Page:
Mourning on the Internet: Coping with Celebrity Deaths

Boiling Point

This isn’t going to be some touchy-feely deal on how to come to grips with death, because, as you may recall, I think most people overreact to celebrity deaths and for the most part you should just man the hell up and deal with it. Not that you actually have anything to deal with, since you were about as close to any celebrity as you are to the mailman. Less so, even. But if you want touched and felt up, come see me in San Diego later this week. I’ll do you right.

But that would be a rehash of my feelings if I just harped on you about growing a decent sack of testicles and not getting all sad faced that someone you never met and someone you never knew (they’re actors, after all, portraying fake characters) has passed on. I mentioned it briefly in this boiling point about things I hate and fellow Reject Kevin Carr dubbed the overflow of emotion the “Heathgasm.”

So just what the hell is this about?It’s about both sides learning to play nice with each other and moving towards the center. On one side, we have the romantics who write “with shaky hand” that someone has passed or that tweet six different “RIP” messages and a half-dozen photos that they Google searched. On the other, the cynics, the camp I’m nearest to I suppose, who point and gawk and call your affections false.

Can’t we all just get along?

And chill the shit out?

In case you hadn’t heard, Ernest Borgnine, an Academy Award winning funny man and Navy veteran, passed away on Sunday at the seasoned age of 95. If you’ve seen a movie, you’ve likely seen him, as his prodigious career spanned more than 200 roles, including turns in BASEketball, McHale’s Navy, Marty, RED, and Walker, Texas Ranger.

See that? That’s a nice, respectful paragraph. It says kind things without being overly gushy. It doesn’t make it too personal. That is how “reporting” is done. A basic retelling of the facts, with some personal flourishes when appropriate. Now, as the internet is not the most professional place in the world, we can forgive the occasional self-centeredness that comes with crying out “I am so sad this person died, it is sad they died but it is more sad that I am sad so please comfort me in my sadness.”

If you are truly hurt by the passing of a celebrity, someone you’ve never known, you might actually have some sort of mental disease. You should not be that affected by it. If you feel the need to break down and wear a single white glove after a musician dies, that’s just weird.

Granted, death sucks. Some deaths suck more. I have plenty of favorite actors. I’m a big fan of Bruce Campbell, Tom Jane, Christian Bale, Robert Downey Jr. I certainly hope they live long lives and make many films. I was (and still am) a big fan of Roy Scheider. Kind of a bummer when he died. So you say your respectful thing, you tweet your favorite Leslie Nielsen line (so long as it has nothing to do with Shirley) and then you go about your business. If your business is movie news, maybe you have another outlet and you write some sort of piece celebrating the actor’s life. Cool.

But crying over it or make a big deal about how you’re affected by the death? That’s bullshit. You know who is affected? Family and friends of the deceased. You’re most likely neither. If you died, Ernest Borgnine wouldn’t have known. He would have cared in that big, general “death is sad” kind of way, but he wouldn’t have put down his BLT lunch over it. And nor should you.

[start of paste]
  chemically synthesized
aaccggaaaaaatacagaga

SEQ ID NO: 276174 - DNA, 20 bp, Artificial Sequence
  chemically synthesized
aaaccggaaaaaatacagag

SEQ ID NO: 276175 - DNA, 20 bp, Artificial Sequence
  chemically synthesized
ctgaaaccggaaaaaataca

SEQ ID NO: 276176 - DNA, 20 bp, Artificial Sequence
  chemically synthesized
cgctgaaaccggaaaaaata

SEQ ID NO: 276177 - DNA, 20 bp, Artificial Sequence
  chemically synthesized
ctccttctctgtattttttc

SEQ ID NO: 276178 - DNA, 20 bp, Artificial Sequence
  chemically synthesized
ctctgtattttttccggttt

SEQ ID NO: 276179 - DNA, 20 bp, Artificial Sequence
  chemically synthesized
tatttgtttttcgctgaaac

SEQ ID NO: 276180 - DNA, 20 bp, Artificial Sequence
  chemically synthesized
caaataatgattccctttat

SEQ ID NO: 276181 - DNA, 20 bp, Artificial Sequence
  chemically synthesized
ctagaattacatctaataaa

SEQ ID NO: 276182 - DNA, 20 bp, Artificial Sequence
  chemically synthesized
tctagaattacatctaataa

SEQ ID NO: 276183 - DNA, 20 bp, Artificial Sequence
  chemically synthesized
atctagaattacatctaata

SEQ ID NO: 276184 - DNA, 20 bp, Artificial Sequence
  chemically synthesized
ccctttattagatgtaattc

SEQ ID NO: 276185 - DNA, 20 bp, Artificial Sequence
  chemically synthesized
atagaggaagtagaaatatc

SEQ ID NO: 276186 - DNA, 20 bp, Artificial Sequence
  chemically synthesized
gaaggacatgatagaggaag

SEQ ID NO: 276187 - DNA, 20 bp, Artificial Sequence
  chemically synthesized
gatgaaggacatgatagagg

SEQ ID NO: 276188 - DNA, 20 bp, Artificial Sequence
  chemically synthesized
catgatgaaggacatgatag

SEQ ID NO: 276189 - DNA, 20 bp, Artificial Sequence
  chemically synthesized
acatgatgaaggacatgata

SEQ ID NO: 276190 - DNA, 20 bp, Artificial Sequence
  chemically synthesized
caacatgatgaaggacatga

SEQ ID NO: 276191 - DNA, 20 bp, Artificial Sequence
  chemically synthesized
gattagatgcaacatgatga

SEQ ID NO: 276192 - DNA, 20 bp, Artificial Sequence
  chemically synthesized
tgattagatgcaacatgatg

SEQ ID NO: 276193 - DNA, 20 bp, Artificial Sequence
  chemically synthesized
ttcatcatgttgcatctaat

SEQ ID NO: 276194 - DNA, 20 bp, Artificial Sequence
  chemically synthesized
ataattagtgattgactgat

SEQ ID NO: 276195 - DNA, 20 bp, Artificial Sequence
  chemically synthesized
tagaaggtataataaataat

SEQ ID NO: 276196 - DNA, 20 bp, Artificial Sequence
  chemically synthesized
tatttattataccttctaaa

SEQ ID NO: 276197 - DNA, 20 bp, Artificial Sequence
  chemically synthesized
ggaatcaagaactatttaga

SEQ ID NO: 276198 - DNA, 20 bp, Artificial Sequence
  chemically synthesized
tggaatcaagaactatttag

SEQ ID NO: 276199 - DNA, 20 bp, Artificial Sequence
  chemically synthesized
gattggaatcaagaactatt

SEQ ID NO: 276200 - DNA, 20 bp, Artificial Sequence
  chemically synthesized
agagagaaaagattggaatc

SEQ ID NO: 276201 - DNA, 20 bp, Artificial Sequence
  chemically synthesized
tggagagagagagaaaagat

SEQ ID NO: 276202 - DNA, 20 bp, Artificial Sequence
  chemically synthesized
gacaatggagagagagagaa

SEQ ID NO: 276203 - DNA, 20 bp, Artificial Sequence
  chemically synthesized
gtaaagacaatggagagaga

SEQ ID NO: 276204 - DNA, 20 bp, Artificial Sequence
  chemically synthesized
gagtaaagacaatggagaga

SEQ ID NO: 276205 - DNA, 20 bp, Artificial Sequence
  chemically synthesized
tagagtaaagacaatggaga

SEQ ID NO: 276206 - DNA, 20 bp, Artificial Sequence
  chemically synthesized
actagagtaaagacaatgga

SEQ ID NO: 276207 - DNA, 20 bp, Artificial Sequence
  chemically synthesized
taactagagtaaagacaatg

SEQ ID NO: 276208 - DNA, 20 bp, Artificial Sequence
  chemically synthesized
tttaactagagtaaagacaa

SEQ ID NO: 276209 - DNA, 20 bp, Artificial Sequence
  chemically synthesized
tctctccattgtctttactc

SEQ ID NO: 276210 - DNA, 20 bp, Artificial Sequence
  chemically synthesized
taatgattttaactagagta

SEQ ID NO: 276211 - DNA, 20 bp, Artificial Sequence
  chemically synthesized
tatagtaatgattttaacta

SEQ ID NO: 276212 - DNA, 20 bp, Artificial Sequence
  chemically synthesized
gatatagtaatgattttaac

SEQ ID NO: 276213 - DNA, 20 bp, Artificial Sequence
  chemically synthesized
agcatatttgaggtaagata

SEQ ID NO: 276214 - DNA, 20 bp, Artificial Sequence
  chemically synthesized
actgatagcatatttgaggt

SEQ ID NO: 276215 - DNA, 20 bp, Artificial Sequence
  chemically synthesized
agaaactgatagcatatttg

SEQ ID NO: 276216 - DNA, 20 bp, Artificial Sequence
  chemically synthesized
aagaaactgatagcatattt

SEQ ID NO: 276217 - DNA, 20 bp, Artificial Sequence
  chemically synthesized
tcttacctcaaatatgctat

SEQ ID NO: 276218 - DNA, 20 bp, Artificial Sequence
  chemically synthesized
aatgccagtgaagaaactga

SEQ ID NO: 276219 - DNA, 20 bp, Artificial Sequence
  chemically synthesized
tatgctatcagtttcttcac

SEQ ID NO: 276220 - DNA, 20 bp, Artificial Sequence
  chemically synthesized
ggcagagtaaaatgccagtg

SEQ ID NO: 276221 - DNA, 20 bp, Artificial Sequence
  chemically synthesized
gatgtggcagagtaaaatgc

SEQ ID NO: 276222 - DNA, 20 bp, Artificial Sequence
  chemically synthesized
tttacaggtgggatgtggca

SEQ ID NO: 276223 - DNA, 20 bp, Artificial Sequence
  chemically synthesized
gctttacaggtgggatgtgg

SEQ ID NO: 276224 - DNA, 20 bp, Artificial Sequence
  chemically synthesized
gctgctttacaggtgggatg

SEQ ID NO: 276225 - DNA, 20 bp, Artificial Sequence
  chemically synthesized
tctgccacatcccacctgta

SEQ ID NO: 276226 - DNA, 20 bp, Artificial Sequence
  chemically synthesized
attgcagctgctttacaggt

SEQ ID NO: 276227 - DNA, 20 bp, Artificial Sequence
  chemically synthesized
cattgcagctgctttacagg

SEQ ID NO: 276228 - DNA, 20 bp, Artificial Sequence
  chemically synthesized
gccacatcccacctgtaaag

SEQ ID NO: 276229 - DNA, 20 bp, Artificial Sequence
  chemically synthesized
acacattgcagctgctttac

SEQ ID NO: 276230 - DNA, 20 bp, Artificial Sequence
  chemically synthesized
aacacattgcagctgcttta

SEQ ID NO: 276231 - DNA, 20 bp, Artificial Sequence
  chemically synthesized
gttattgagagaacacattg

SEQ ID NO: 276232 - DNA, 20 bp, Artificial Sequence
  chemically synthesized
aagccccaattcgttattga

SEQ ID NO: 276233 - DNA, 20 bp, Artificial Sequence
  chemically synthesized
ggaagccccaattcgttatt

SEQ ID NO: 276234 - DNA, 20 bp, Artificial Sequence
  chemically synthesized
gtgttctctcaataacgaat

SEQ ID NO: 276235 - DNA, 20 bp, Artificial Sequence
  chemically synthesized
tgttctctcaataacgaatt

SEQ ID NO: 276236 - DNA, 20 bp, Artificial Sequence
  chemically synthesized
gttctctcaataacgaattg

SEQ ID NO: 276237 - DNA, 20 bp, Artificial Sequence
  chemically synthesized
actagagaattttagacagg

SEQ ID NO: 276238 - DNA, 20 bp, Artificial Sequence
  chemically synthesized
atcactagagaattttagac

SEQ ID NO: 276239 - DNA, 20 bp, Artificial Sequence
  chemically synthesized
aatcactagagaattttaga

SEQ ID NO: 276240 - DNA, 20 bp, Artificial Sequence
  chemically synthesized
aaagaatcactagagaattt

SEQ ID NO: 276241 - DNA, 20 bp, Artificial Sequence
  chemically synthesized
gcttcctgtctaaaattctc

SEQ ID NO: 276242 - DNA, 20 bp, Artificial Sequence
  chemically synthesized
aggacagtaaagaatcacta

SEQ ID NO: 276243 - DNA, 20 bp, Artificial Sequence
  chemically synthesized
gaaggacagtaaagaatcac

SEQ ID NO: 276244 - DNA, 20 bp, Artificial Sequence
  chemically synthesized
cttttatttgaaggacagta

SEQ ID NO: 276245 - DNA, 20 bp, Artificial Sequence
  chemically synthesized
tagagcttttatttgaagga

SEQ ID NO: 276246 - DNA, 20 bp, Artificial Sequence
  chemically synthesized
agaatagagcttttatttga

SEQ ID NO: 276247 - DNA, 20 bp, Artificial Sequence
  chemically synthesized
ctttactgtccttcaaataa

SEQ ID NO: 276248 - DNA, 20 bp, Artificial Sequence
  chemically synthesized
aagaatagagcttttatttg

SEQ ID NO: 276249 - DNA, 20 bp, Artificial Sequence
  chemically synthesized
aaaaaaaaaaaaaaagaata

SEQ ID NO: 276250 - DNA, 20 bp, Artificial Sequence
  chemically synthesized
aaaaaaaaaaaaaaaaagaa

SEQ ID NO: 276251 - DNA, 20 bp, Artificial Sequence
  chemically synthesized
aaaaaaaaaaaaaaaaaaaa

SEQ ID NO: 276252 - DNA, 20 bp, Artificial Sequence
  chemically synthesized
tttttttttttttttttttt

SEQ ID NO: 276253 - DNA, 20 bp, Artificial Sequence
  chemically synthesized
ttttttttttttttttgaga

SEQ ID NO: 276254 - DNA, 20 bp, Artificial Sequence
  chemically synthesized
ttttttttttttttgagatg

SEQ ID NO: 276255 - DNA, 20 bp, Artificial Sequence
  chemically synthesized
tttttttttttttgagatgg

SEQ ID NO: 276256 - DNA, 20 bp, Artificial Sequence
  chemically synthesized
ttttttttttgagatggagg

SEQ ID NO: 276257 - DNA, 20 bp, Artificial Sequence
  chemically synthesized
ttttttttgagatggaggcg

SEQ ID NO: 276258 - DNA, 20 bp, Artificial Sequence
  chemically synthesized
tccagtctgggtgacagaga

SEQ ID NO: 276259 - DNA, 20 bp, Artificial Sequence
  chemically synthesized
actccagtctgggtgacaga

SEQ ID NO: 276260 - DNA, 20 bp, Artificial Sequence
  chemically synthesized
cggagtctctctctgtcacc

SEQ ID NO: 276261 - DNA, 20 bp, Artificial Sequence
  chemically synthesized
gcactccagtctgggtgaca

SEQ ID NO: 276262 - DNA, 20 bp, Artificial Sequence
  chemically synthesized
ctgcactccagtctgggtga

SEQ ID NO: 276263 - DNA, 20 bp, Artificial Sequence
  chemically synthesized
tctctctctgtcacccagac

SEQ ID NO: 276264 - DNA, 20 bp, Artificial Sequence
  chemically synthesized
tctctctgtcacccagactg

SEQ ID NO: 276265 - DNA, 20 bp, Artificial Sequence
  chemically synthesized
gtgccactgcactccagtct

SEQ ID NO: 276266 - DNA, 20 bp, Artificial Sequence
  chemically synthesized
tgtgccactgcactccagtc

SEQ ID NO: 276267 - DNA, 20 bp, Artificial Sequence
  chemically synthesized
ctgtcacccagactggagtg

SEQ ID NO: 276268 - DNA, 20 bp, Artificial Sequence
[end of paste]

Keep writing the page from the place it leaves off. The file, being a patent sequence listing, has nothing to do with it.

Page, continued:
Now, to be fair, the cynics can be overly cynical about this (which is how they got their name). I don’t think it’s necessarily wrong to call someone out on their bullshit, but in the seconds after a death is announced, we can all chill and let people do whatever it is they’re going to do. I’m not really affected if you’re all weepy over some celebrity death. You might clog my twitter feed and get unfollowed, but ultimately, do I really care? I care in the same way I care about bugs at a picnic. They suck, but hey, it’s a picnic. You’re annoying, but ultimately pretty harmless.

So, let’s both sides take a step back and look at the situation. We cynical bastards will attempt to understand what “emotion” is and look the other way when you get a little sentimental about a celebrity passing. In turn, you will chill the fuck out and not act like that guy you played poker with every night for 18 years just died suddenly. I mean, especially in this case -being a movie star celebrity who lives to 95? If the devil offers you that deal, you take it. (No, don’t, the devil is always just messing with you. But still, that’s a damn good life).

I don’t think that’s too cold a thing to ask. It’s perfectly acceptable to express some sort of “bummer vibe” at the death of a celebrity, because it’s the year 2012 and we share our feelings over our lunch, our bowel movements, and our haircuts. We overshare, no doubt, so over-grieving is a natural progression of people having far too many outlets to express themselves and somehow thinking that anyone actually gives a shit.

At the end of the day, you didn’t know the celebrity and your life will be no different tomorrow. I’m not a completely heartless bastard and I understand that we idolize, like, and respect actors – I get some level of sadness. Let’s all just try to be even keeled here. Cynics to the left of me, crybabies to the right – you all push me past my boiling point.

Wipe Away a Tear with More Boiling Point

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Robert Fure is many things: horror expert, ruggedly handsome man of the world, witty prose composer, and writer of his own biography page. Beneath the bravado is a scared little boy, ready to grow into an awesome man and make lies about a scared little boy inside of him. Wait a minute...

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